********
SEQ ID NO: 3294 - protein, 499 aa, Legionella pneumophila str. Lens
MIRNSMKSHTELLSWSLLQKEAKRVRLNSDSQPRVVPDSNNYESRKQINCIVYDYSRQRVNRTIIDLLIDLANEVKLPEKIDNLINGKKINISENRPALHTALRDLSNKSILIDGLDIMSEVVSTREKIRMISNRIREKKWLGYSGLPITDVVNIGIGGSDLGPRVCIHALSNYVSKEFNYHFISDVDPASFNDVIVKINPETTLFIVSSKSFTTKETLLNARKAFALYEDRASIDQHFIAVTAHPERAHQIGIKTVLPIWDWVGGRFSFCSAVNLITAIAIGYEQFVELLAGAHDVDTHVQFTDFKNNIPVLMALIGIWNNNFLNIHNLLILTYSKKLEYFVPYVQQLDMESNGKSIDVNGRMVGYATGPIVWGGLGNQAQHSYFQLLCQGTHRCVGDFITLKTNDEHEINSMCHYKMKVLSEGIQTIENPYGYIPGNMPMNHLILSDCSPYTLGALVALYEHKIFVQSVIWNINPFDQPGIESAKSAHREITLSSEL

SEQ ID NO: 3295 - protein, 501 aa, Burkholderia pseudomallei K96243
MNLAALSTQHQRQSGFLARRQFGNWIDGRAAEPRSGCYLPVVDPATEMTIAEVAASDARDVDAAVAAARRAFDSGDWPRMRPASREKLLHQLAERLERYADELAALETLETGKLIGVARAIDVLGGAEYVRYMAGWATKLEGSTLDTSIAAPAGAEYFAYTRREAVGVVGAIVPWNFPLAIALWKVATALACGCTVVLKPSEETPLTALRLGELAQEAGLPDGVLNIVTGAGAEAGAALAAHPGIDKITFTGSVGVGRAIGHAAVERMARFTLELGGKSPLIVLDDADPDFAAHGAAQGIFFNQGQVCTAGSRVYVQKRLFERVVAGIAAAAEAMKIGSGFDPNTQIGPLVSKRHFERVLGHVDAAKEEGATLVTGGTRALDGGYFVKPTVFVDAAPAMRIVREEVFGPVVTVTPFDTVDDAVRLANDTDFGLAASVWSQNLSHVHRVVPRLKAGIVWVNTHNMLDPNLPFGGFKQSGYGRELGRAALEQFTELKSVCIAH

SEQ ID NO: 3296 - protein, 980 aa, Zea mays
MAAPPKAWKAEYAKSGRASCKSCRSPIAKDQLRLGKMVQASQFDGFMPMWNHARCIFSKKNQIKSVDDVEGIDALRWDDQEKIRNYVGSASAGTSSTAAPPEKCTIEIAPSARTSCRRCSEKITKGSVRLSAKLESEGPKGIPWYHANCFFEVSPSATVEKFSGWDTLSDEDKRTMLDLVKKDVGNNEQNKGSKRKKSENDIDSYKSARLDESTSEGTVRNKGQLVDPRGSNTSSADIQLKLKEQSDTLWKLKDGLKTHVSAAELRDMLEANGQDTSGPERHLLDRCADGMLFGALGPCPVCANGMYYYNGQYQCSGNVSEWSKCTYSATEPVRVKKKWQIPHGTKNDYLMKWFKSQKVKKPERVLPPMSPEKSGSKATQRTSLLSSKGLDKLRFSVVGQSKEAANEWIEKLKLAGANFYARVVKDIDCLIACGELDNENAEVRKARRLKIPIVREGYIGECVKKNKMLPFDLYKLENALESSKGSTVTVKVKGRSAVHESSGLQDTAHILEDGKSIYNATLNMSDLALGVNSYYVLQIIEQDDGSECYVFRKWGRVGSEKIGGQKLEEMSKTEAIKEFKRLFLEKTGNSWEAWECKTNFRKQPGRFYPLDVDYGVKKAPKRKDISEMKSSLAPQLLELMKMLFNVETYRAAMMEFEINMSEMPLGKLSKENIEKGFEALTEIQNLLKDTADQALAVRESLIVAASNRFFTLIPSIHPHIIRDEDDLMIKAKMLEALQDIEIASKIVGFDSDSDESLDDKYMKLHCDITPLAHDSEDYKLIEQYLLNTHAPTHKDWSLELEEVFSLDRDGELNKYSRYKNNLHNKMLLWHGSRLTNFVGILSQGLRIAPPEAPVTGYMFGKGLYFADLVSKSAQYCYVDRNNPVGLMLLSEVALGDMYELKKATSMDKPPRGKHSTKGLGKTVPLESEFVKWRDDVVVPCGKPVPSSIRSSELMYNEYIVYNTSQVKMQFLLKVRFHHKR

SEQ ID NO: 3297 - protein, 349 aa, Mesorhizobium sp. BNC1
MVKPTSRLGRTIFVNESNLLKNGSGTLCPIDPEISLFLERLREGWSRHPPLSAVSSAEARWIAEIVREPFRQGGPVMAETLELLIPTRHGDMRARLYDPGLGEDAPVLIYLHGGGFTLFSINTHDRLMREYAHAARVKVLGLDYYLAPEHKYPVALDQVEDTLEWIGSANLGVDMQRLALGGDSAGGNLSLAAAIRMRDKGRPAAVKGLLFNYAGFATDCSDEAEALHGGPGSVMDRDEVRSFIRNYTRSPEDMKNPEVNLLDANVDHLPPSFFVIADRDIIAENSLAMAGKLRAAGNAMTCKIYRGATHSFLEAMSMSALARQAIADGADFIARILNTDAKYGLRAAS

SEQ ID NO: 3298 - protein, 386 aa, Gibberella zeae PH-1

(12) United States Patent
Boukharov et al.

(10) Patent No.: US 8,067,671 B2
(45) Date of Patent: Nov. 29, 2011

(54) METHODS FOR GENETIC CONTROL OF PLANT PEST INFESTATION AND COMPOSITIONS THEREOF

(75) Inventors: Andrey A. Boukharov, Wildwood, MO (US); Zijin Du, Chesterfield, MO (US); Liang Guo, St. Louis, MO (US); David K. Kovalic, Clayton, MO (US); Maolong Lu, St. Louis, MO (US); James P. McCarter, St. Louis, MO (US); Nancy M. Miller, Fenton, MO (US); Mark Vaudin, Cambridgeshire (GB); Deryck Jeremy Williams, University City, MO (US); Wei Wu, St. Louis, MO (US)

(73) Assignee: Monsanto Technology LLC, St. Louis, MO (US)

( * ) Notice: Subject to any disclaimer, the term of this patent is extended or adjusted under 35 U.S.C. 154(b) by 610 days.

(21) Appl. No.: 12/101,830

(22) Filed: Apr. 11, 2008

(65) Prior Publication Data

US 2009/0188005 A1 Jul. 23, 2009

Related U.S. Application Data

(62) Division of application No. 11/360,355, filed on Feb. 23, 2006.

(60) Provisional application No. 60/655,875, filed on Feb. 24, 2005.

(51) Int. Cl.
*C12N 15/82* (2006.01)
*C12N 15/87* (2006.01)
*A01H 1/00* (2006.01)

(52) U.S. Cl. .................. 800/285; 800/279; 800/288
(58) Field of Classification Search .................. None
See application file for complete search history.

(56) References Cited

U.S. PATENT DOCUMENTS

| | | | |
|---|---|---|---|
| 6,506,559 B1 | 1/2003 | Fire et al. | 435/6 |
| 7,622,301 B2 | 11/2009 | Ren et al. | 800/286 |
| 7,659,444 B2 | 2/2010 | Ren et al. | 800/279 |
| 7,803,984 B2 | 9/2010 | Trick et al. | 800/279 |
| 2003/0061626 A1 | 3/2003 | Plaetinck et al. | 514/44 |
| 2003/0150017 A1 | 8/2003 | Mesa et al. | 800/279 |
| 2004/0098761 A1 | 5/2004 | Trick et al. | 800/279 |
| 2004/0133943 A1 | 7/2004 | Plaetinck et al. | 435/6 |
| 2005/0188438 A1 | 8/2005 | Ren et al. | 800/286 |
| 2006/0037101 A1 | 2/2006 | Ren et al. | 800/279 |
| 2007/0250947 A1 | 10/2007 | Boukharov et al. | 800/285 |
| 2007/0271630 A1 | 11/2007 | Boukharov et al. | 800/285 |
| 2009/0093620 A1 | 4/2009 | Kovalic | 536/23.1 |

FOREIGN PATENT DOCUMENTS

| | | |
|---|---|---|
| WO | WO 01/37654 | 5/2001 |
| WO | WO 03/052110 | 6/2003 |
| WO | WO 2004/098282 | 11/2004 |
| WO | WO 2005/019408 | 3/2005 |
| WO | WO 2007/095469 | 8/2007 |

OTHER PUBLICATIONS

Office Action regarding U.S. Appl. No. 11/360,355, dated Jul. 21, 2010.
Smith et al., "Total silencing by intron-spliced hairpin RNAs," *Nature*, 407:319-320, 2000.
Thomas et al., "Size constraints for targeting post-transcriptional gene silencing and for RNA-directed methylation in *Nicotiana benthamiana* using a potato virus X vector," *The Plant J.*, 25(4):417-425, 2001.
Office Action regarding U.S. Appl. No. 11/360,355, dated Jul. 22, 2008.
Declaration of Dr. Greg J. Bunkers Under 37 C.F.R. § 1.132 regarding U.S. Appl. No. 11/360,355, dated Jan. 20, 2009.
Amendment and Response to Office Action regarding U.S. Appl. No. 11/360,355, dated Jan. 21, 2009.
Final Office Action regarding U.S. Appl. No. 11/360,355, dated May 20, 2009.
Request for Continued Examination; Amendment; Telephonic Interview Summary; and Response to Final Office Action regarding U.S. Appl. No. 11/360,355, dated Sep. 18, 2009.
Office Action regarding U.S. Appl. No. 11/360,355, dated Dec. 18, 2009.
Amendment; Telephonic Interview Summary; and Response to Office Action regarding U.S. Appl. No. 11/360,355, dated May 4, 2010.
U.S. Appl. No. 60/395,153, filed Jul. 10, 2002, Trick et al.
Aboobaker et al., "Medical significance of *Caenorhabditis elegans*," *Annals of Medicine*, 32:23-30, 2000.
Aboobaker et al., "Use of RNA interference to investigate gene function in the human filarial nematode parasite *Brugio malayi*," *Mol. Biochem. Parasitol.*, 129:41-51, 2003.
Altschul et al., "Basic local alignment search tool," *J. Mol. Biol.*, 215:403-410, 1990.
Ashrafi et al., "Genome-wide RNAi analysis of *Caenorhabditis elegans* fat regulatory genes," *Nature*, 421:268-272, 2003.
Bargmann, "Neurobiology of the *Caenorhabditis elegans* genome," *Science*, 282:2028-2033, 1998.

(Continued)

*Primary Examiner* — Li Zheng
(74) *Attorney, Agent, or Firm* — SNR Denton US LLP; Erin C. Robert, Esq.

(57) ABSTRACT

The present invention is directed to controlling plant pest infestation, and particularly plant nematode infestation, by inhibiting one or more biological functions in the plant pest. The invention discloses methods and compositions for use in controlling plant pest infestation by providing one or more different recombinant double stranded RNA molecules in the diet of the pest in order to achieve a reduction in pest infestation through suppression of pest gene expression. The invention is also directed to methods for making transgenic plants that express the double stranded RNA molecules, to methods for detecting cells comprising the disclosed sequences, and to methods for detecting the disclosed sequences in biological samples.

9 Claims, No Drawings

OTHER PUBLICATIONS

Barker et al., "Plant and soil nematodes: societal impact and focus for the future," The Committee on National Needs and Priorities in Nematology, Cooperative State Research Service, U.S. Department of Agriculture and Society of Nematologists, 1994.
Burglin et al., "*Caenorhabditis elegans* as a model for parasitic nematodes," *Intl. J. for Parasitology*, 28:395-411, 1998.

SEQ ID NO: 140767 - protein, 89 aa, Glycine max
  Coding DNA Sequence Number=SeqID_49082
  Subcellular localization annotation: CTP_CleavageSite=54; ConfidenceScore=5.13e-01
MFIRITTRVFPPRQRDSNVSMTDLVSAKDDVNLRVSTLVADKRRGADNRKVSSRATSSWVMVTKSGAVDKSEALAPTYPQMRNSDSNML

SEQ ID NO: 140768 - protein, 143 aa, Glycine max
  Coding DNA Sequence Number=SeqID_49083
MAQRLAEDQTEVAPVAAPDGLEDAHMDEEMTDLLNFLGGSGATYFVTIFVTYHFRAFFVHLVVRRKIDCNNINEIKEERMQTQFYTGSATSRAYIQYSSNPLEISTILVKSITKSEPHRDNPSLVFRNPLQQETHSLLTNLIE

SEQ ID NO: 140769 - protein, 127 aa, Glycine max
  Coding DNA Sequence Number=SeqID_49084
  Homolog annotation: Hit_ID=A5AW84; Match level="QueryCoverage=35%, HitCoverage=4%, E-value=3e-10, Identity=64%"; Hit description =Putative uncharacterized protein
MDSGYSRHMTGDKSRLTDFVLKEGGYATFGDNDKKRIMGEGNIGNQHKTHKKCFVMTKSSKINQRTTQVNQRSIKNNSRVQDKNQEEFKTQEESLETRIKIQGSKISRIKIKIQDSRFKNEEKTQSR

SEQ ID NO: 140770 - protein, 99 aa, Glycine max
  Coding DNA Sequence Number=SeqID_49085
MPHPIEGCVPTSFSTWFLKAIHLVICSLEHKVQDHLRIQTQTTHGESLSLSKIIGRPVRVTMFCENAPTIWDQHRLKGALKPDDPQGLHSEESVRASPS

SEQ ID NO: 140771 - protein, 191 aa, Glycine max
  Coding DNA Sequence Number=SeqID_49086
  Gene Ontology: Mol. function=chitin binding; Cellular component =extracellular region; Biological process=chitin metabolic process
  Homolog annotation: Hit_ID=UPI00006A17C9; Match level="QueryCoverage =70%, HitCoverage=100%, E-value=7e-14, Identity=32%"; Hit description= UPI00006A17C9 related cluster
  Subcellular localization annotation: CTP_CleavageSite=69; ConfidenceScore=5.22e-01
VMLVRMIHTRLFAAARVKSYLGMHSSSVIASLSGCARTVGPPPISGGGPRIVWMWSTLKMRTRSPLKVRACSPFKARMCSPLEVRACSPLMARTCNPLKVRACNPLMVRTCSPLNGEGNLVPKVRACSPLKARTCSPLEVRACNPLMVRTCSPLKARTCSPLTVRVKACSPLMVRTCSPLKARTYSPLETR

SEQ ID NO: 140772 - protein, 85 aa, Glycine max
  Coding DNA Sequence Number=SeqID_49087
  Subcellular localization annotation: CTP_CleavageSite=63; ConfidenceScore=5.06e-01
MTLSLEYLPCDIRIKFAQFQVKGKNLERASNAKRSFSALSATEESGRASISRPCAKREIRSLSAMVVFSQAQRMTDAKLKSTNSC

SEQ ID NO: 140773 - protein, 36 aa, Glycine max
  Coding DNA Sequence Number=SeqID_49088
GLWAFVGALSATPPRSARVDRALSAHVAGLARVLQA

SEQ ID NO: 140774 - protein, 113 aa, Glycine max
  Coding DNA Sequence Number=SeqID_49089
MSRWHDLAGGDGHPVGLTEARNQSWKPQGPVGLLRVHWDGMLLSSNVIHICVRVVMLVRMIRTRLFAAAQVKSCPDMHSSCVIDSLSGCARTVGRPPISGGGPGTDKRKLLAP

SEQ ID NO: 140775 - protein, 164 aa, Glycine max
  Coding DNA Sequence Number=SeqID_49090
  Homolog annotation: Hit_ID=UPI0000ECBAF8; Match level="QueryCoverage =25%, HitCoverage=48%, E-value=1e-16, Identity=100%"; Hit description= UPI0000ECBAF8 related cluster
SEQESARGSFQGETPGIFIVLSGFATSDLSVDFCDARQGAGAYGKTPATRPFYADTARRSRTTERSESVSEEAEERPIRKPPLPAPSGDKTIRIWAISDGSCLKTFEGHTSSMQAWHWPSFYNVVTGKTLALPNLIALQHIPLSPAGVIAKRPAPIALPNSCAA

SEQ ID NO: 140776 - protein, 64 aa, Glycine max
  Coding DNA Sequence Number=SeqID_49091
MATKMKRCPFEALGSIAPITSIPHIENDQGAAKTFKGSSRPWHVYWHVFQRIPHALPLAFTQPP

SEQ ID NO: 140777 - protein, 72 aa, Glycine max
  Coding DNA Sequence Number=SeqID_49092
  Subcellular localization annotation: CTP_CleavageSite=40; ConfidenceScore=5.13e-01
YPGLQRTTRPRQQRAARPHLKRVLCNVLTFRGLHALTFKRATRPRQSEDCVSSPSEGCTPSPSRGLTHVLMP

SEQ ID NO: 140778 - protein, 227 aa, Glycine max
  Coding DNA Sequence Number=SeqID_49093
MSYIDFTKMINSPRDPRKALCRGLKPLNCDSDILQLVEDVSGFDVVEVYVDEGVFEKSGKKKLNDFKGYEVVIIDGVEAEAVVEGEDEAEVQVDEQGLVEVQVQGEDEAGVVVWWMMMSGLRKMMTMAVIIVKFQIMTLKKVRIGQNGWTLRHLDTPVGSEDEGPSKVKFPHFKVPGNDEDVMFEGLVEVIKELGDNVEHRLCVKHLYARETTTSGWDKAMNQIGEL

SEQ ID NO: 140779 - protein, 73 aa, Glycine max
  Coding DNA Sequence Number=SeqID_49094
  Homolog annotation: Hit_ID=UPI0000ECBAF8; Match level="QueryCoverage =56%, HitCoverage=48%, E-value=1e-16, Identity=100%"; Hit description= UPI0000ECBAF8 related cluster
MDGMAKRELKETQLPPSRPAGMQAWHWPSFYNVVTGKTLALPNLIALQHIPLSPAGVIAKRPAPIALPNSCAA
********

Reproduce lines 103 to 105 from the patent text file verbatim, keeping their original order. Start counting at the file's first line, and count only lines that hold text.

SEQ ID NO: 140772 - protein, 85 aa, Glycine max
  Coding DNA Sequence Number=SeqID_49087
  Subcellular localization annotation: CTP_CleavageSite=63; ConfidenceScore=5.06e-01